As we grapple with the horrific mass violence that occurred this past month – and that continues daily in the United States – one piece that gave us solace and inspiration came from Valarie Kaur, the founder of The Revolutionary Love Project, who offered up this Love Letter to You After Uvalde. At the Horizons Project, we believe in the power of staying connected; in joining together across difference to combat hate and violence; and, to organize for meaningful change. In that spirit, we’re sharing some of the great work and thought-provoking ideas that brought together peacebuilding, democracy, and social justice from recent weeks.
“Why Addressing the Historical Legacy of Racial Injustice is Essential for a Healthy Democracy.” Treston Codrington and Matt Leighninger reflect on different processes globally that support civic engagement in addressing historic injustices, and the interplay between truth-seeking and reconciliation.
“Women’s Rights and Democracy Are Inextricably Linked.” Jennifer Weiss-Wolf writes about decreases in women’s rights, “not merely the byproducts of a democracy on the decline. Rather they also drive a downward spiral [that] can inevitably lead to deeper inequality and wider gaps in participation, a truly vicious cycle.”
“Culture, Deep Narratives and…. Whac-A-Mole?” by Ruth Taylor. “As campaigners and organizers, communicators, lobbyists and funders, much of our attention is placed on the immediate outcomes which we set out to achieve.” Taylor asks for deeper reflection, ‘what values does my work promote and foreground?’ and ‘what deep narratives about the world, and our role as human beings, does it reinforce or amplify?’
“Reducing Pernicious Polarization: A Comparative Historical Analysis of Depolarization.” This working paper by the Carnegie Endowment for International Peace examines the conditions under which perniciously polarized countries have successfully depolarized for a sustainable period of time.
“The Doom Spiral of Pernicious Polarization.” Yascha Mounk offers another take on the Carnegie report mentioned above; he reflects on how the experience of polarization in the US is comparable (or not) to other countries.
“Democracy Set Aflame: Is Polarization Really the Problem?” You won’t want to miss this recording of a recent discussion by two giants in their fields, john a powell and Marshall Ganz, musing on the many intersections of bridging and social movements.
“America’s Empathy Deficit: Our Bloody Heirloom and the Invisible Backpack.” It’s graduation season! Enjoy this provocative and inspiring commencement speech by Dr. Jae Williams, an award-winning storyteller and social justice advocate, as he received Northeastern University’s Dean’s Medal for Outstanding Doctoral Work.
“An Anti-Immigration Media Machine: Study Tracks White Supremacist Talking Points Online.” Watch this short news clip with Shauna Siggelkow, Hassan Ahmad, and Alicia Menendez discussing a new report by Define American that tracked the impact, tactics, and reach of anti-immigration narratives on YouTube — and tools to fight back.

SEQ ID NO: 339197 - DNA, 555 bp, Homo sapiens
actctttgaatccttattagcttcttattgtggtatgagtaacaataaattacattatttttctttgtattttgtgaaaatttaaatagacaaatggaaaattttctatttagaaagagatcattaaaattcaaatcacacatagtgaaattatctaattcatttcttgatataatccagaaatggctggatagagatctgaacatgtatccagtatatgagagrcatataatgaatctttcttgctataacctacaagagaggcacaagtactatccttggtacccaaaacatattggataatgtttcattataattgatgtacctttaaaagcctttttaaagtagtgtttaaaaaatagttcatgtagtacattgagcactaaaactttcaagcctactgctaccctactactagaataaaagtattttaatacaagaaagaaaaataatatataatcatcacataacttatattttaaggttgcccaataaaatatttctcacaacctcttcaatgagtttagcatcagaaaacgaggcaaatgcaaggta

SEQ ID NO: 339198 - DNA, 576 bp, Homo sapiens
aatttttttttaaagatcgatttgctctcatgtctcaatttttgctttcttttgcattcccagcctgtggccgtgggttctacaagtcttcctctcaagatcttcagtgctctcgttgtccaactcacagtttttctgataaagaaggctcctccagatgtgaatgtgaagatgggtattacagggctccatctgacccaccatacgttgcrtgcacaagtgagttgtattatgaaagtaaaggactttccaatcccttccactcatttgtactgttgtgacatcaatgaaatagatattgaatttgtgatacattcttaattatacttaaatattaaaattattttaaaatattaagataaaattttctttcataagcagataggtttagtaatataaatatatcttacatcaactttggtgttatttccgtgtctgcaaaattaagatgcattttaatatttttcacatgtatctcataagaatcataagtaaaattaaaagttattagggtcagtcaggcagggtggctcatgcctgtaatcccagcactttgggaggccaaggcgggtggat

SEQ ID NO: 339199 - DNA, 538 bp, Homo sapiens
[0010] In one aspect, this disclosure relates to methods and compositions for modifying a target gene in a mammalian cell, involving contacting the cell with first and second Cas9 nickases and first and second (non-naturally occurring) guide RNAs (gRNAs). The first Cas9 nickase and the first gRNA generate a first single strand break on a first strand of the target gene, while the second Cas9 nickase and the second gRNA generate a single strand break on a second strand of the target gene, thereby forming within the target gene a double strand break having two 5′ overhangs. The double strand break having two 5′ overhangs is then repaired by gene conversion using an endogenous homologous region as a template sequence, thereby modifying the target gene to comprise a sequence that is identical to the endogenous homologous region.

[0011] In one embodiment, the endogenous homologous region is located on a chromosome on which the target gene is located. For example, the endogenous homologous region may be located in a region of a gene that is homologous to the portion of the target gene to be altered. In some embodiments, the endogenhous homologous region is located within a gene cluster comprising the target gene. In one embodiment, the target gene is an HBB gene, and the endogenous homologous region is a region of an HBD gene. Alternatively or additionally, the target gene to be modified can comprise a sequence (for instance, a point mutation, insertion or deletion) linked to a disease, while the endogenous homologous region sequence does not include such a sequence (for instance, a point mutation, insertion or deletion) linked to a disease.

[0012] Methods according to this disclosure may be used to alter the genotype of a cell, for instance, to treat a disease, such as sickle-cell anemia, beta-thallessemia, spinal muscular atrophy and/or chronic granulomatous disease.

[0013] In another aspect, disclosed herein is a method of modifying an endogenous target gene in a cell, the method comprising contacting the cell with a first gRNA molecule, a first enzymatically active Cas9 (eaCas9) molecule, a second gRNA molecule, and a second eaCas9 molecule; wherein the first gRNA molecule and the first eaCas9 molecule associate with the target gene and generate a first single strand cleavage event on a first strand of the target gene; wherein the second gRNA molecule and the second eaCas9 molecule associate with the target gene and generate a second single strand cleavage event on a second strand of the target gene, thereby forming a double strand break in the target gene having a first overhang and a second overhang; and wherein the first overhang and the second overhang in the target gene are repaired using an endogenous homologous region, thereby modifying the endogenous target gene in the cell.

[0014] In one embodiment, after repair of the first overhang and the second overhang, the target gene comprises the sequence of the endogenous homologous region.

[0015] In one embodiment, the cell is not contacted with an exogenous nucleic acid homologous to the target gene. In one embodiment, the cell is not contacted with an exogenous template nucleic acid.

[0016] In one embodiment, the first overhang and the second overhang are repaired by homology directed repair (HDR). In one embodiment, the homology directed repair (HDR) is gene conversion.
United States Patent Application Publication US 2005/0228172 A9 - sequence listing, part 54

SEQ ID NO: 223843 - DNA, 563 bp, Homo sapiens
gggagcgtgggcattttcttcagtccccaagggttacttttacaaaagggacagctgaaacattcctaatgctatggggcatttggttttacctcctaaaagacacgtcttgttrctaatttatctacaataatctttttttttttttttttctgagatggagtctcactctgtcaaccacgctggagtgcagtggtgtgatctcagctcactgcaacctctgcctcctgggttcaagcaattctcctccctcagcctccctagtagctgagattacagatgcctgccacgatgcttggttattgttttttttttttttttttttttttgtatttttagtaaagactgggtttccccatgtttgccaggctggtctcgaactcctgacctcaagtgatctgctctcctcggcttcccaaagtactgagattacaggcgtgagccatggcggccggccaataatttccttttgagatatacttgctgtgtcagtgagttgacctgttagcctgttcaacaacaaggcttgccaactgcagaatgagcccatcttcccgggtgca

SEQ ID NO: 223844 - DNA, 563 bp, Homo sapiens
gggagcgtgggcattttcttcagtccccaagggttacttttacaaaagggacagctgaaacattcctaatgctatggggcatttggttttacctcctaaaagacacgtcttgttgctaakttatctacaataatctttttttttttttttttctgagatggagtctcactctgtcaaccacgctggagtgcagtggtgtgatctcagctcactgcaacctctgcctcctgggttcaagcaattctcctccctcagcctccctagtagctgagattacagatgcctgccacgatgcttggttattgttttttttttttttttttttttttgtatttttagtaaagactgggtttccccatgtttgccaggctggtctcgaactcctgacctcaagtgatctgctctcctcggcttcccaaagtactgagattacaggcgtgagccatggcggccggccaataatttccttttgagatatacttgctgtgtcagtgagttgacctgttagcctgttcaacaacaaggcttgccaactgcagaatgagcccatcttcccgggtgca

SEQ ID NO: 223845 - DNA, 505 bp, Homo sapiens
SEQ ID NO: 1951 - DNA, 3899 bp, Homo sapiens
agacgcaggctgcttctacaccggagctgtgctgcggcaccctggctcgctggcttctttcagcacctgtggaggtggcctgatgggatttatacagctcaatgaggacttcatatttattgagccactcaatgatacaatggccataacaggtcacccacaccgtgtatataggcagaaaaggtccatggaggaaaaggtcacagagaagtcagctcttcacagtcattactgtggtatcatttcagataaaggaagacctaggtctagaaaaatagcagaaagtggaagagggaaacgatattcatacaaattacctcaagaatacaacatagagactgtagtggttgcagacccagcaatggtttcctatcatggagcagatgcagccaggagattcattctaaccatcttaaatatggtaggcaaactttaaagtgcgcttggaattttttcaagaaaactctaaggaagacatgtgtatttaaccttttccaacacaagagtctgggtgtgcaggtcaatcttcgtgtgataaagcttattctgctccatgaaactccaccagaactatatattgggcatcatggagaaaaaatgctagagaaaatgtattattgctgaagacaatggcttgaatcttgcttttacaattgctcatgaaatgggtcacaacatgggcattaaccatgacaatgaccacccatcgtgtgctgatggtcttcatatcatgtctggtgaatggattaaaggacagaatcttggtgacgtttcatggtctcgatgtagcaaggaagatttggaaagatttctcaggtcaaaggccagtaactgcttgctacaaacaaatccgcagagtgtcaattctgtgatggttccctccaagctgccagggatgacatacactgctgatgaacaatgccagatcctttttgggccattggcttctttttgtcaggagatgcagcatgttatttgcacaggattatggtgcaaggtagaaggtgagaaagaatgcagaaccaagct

“Exploring Hate: Antisemitism, Racism, and Extremism.” In Part 2 of a 5-part series, be/longing: Asian Americans Now, Dr. Richard Park discusses his mission to serve poor and elderly Asian immigrants, which has become more urgent as hate crimes have surged against the Asian American and Pacific Islanders community.
“How To Free Our Minds — with Cult Deprogramming Expert Dr. Steven Hassan.” This episode of the podcast Your Undivided Attention offers an interesting discussion on the degree to which we are all under some form of undue influence, especially because of technology and social media, and the extent we are aware of this influence.
“The Good Fight Podcast: Daniel Ziblatt.” Yascha Mounk and Daniel Ziblatt have a conversation about the impact of COVID-19 on populism and democracy.
“The Limits of Forgiveness.” In this Vox Conversations podcast, philosopher Lucy Allais reflects on human nature, concepts of power, and the limits of forgiveness. From her perspective as a South African living in the US, she discusses the contours of forgiveness as a political tool to move forward as a polarized democracy.
“Anne Applebaum on What Liberals Misunderstand About Authoritarianism.” This podcast discussion with Ezra Klein reflects on how “radical loneliness” can lay the groundwork for authoritarianism, the seductive allure of conspiracy theories, and how modern propaganda feeds off a combination of gullibility and cynicism.
Ruth Taylor compiled a meaty Twitter thread of resources and experts for those interested in learning more about narrative change. Trevor Smith then complemented this compilation with additional resources, expertise, and perspectives from people of color.
Debra Caplan breaks down Alfred Crosby’s America’s Forgotten Pandemic about the 1918 Flu; and she applies those lessons to our current lack of memorializing the societal impact of COVID-19.
AND NOW FOR SOMETHING COMPLETELY DIFFERENT